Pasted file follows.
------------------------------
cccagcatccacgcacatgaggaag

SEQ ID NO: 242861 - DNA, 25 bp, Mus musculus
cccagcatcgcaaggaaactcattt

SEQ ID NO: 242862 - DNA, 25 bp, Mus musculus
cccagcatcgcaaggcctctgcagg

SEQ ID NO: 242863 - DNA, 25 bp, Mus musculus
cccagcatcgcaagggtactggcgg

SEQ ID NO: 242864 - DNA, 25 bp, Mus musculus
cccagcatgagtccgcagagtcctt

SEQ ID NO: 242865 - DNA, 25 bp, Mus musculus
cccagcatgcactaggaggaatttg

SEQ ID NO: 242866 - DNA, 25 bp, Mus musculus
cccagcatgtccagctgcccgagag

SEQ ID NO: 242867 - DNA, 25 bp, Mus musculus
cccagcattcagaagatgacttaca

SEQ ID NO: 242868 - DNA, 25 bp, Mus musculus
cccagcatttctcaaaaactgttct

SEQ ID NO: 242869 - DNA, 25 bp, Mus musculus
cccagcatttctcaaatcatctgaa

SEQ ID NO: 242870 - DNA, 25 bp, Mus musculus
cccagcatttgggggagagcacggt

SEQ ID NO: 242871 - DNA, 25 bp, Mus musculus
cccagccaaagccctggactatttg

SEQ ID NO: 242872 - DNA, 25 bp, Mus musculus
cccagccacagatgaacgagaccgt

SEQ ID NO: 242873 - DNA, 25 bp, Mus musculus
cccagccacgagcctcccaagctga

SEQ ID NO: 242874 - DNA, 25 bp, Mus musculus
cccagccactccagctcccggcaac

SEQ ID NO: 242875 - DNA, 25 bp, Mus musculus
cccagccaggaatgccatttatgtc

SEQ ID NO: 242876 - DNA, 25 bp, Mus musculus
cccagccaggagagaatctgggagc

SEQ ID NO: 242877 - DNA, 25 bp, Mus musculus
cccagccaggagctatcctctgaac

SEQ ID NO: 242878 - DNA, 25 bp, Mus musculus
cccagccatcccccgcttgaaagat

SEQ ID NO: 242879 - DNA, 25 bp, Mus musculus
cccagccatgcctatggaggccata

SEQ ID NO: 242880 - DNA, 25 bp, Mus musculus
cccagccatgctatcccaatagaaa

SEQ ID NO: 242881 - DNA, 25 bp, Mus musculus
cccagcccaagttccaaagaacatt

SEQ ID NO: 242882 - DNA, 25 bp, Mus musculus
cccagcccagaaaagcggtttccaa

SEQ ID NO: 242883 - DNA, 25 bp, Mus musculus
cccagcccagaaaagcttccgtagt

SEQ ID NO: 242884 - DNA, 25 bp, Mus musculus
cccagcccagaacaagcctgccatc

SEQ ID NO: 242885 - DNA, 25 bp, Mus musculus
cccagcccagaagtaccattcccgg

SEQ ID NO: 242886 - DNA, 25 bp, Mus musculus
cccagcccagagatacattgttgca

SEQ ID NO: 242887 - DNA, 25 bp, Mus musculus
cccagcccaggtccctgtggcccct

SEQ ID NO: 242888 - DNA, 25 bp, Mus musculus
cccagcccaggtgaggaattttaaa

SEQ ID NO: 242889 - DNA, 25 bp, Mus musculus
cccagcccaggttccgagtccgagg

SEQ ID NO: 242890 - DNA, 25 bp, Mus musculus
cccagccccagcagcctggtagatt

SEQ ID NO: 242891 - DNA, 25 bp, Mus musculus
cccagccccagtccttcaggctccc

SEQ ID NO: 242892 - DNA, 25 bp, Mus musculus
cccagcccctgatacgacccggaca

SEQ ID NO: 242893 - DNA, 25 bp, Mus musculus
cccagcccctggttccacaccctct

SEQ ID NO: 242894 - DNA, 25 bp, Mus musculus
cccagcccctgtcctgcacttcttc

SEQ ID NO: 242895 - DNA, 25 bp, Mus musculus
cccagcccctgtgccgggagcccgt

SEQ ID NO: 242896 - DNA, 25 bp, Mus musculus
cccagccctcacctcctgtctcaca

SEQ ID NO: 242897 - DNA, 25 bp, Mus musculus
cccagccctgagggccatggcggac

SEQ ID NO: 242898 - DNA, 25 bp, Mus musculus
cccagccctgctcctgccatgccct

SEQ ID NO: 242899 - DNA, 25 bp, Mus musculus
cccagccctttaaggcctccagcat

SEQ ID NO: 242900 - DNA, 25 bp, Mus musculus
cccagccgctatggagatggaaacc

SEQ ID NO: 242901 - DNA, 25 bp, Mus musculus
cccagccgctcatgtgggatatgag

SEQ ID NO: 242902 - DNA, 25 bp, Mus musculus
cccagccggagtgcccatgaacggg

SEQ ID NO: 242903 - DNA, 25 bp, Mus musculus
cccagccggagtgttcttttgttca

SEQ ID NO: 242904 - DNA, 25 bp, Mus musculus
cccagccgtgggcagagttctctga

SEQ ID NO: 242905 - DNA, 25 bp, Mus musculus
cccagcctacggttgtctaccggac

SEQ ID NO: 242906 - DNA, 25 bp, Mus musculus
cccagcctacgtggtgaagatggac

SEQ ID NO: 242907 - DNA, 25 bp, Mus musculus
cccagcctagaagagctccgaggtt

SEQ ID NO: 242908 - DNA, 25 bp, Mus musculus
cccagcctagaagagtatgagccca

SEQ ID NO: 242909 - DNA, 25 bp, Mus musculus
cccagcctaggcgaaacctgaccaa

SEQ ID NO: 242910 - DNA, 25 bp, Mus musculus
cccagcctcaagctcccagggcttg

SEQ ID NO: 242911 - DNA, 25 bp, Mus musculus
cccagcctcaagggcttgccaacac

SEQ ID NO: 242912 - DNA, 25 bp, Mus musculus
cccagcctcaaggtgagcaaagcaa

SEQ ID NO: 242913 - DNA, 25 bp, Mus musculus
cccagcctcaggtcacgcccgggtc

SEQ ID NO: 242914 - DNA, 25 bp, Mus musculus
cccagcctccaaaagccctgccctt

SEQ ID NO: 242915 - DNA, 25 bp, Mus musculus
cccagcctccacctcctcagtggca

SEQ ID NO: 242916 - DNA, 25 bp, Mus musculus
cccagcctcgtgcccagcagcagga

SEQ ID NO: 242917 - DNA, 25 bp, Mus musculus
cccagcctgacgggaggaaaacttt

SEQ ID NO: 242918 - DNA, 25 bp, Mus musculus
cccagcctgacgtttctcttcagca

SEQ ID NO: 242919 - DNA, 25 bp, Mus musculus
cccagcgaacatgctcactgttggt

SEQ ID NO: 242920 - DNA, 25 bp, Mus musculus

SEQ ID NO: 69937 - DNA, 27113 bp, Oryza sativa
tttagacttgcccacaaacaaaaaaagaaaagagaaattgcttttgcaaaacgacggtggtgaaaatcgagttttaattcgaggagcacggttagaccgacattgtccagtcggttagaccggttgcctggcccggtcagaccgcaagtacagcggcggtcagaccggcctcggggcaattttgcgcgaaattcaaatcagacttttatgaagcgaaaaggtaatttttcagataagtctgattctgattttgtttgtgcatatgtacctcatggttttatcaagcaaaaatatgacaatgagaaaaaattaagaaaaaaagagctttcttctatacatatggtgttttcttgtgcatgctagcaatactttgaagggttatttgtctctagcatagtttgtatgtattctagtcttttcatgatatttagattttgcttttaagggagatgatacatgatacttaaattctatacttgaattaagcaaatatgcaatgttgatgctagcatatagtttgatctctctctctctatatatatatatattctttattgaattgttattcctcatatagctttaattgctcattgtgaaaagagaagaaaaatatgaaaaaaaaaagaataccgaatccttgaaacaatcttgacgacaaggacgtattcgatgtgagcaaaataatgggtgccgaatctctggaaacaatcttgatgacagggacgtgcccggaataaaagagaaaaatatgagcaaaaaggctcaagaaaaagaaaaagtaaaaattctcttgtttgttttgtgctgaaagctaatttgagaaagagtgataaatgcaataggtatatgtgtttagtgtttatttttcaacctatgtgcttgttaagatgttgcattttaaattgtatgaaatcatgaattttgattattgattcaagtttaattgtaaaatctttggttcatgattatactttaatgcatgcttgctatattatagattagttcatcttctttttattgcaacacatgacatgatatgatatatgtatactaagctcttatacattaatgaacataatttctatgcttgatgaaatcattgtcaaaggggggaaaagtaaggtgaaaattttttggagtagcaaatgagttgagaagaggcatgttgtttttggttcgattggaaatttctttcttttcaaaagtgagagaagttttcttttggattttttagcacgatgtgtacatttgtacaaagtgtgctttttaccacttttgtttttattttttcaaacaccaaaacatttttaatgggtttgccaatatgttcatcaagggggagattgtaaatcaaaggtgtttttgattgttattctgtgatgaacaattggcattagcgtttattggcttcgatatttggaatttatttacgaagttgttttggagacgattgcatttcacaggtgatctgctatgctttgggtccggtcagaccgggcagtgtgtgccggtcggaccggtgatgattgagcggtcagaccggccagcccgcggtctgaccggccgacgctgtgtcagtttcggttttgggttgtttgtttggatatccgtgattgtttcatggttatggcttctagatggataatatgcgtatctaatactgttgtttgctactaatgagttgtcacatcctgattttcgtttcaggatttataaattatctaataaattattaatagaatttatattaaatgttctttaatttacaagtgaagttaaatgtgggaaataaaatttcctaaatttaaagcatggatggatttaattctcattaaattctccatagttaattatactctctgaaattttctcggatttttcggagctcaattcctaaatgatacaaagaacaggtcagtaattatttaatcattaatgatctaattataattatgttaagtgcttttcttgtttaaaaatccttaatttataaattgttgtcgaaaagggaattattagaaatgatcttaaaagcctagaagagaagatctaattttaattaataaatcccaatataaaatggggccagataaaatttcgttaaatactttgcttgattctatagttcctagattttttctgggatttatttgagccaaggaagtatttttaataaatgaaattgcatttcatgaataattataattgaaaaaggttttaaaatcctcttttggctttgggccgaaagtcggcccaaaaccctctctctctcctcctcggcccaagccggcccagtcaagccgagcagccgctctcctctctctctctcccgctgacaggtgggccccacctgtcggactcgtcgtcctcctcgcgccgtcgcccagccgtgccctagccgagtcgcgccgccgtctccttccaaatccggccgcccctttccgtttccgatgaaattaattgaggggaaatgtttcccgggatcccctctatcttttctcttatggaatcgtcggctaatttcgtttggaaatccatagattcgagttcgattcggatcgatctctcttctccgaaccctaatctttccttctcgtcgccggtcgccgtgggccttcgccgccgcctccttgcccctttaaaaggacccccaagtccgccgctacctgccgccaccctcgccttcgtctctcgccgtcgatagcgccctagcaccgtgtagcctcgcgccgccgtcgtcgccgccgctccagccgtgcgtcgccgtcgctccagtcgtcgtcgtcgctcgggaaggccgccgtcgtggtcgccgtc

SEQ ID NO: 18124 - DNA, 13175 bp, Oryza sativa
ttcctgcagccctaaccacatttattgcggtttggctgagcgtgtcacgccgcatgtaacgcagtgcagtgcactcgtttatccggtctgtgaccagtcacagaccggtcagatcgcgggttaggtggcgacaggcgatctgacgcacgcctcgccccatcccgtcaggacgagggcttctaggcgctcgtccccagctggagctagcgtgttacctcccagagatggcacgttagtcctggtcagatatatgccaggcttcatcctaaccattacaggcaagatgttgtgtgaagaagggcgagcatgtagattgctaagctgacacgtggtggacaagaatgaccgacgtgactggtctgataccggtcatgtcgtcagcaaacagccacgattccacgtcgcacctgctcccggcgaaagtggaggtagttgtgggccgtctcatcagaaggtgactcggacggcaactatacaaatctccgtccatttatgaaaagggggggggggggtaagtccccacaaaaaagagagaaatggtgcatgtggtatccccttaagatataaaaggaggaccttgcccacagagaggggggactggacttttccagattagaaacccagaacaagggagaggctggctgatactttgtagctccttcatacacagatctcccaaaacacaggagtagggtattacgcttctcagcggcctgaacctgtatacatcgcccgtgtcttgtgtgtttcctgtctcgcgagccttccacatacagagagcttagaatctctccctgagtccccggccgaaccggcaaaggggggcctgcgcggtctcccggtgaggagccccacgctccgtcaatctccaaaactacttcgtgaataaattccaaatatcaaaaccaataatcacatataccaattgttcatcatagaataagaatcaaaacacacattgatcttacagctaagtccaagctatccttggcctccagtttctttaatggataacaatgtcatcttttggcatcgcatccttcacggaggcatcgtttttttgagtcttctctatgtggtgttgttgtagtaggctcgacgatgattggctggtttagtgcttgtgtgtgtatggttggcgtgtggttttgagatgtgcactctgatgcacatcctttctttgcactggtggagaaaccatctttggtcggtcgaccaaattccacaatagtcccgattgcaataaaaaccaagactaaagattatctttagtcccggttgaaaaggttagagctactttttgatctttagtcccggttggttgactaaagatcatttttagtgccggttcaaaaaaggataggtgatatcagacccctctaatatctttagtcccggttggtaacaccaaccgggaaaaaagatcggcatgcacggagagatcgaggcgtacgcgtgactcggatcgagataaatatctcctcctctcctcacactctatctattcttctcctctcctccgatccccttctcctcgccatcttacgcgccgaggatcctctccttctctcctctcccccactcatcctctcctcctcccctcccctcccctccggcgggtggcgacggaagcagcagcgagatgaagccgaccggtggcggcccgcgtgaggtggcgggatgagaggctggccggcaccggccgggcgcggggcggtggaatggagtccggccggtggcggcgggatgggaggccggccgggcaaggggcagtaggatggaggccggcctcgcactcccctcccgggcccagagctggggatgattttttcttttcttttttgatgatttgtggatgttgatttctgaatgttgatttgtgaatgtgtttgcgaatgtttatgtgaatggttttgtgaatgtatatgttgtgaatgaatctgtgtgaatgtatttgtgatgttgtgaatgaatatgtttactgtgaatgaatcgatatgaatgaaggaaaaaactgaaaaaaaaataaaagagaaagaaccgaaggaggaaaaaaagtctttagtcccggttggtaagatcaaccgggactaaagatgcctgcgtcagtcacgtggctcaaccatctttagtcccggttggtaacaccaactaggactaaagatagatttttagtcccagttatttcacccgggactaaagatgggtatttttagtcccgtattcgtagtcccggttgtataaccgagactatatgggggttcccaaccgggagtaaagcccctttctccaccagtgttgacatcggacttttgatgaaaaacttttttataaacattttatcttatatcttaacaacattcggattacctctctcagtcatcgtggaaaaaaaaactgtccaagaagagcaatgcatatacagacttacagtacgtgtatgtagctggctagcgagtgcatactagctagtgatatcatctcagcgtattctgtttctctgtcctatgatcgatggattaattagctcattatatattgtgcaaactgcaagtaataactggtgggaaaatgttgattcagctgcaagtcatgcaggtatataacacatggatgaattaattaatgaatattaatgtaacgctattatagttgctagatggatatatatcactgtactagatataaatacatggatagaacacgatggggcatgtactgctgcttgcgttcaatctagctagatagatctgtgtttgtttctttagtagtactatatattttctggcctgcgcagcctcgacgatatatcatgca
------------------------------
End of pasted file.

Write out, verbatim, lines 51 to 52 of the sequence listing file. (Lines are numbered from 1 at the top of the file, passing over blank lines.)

cccagcccagaagtaccattcccgg

SEQ ID NO: 242886 - DNA, 25 bp, Mus musculus